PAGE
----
Angourie Point Golf Statistieken, March: Alle Golven – Alle Wind
This picture illustrates the combination of swells directed at Angourie Point through an average March. It is based on 2220 NWW3 model predictions since 2007 (values every 3 hours). The wave model does not forecast surf and wind right at the coast so we have chosen the optimum grid node based on what we know about Angourie Point, and at Angourie Point the best grid node is 13 km away (8 miles).
The rose diagram shows the distribution of swell sizes and directions, while the graph at the bottom shows the same thing without direction information. Five colours represent increasing wave sizes. Very small swells of less than 0.5m (1.5 feet) high are shown in blue. These happened only 24% of the time. Green and yellow represent increasing swell sizes and largest swells greater than >3m (>10ft) are shown in red. In both graphs, the area of any colour is proportional to how frequently that size swell occurs.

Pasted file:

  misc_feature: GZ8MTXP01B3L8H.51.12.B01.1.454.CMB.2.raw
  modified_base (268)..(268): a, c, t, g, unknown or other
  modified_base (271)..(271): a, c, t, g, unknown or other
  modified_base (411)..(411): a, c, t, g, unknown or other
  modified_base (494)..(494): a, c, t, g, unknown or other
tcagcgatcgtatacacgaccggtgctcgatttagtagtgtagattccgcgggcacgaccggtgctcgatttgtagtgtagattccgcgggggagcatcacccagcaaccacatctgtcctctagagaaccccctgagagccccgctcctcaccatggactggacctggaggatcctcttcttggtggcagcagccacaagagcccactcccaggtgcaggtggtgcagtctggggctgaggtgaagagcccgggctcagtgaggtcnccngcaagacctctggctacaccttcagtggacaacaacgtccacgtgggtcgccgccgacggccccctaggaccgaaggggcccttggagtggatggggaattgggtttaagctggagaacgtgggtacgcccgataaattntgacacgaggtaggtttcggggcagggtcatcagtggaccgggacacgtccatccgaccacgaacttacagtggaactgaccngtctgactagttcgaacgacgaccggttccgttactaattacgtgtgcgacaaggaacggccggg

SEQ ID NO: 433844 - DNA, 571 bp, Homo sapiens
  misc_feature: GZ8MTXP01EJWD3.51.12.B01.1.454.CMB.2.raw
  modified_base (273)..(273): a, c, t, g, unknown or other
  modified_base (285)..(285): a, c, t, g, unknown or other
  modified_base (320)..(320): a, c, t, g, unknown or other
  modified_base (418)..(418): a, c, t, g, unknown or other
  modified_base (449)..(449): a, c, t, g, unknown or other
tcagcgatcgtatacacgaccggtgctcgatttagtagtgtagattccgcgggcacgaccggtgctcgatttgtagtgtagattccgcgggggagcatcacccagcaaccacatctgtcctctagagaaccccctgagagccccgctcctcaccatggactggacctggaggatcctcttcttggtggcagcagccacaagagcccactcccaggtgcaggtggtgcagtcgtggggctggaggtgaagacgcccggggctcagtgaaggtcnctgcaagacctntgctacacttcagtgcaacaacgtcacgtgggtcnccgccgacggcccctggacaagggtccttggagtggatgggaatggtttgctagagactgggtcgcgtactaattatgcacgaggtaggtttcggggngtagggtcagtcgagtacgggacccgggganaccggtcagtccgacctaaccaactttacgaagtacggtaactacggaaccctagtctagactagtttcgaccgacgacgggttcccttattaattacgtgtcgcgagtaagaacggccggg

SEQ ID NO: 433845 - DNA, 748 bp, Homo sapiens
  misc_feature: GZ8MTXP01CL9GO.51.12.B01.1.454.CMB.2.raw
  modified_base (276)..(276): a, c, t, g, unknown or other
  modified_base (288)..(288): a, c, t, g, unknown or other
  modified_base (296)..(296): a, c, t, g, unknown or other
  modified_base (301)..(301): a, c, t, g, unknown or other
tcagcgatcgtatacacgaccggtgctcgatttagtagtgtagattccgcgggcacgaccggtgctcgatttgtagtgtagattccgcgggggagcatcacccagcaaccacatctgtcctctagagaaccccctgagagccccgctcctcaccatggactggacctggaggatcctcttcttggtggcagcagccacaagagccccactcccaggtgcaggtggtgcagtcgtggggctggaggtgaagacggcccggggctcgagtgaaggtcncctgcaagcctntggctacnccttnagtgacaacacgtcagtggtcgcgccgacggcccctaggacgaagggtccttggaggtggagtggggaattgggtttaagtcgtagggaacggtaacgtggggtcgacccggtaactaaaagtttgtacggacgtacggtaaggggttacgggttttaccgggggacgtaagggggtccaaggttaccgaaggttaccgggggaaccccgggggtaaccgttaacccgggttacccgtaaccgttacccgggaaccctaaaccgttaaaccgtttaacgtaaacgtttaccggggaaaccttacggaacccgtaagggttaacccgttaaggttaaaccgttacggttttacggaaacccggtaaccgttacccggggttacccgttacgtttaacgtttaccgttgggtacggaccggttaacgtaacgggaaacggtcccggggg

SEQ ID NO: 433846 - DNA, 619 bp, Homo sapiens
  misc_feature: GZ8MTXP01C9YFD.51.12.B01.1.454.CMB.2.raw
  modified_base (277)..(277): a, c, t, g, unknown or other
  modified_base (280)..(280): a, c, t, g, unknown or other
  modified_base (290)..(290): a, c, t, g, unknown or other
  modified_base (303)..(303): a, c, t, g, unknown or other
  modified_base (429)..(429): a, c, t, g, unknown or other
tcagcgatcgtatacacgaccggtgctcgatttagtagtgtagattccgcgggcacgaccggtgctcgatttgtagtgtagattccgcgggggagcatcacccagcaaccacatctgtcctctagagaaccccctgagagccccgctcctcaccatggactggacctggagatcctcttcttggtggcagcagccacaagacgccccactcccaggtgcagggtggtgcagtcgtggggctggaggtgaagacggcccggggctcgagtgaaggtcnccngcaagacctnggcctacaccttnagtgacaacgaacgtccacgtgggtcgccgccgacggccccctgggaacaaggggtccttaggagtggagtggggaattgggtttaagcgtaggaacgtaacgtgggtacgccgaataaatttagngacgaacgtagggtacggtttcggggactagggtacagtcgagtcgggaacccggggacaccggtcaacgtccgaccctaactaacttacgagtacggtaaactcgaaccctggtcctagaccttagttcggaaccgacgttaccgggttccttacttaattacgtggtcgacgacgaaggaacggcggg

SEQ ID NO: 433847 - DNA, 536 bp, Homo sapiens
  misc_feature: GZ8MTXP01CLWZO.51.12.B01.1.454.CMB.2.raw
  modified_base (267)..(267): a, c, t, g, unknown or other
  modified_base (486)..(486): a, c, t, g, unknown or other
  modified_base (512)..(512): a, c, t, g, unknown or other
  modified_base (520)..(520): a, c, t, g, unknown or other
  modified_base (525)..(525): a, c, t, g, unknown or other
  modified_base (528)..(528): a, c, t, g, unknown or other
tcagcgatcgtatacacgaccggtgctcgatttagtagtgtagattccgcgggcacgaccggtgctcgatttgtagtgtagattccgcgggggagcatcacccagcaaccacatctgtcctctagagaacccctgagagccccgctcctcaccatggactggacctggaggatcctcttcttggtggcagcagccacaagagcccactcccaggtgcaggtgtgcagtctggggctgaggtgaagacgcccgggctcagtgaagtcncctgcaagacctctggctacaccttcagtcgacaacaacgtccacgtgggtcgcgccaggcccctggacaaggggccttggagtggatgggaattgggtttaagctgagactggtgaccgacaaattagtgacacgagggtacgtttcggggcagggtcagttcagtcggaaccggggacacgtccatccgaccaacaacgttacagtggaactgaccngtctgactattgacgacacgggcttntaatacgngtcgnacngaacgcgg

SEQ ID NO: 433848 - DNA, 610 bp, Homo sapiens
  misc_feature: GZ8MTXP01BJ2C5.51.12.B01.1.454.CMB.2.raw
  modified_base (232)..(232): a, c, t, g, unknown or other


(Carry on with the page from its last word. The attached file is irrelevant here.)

The diagram suggests that the most common swell direction, shown by the longest spokes, was E, whereas the the most common wind blows from the ESE. Because the wave model grid is offshore, sometimes a strong offshore wind blows largest waves away from Angourie Point and away from the coast. We combine these with the no surf category of the bar chart. To avoid confusion we don't show these in the rose plot. Because wind determines whether or not waves are clean enough to surf at Angourie Point, you can view an alternative image that shows only the swells that were forecast to coincide with glassy or offshore wind conditions. In a typical March, swells large enough to cause surfable waves at Angourie Point run for about 76% of the time.
IMPORTANT: Beta version feature! Swell heights are open water values from NWW3. There is no attempt to model near-shore effects. Coastal wave heights will generally be less, especially if the break does not have unobstructed exposure to the open ocean.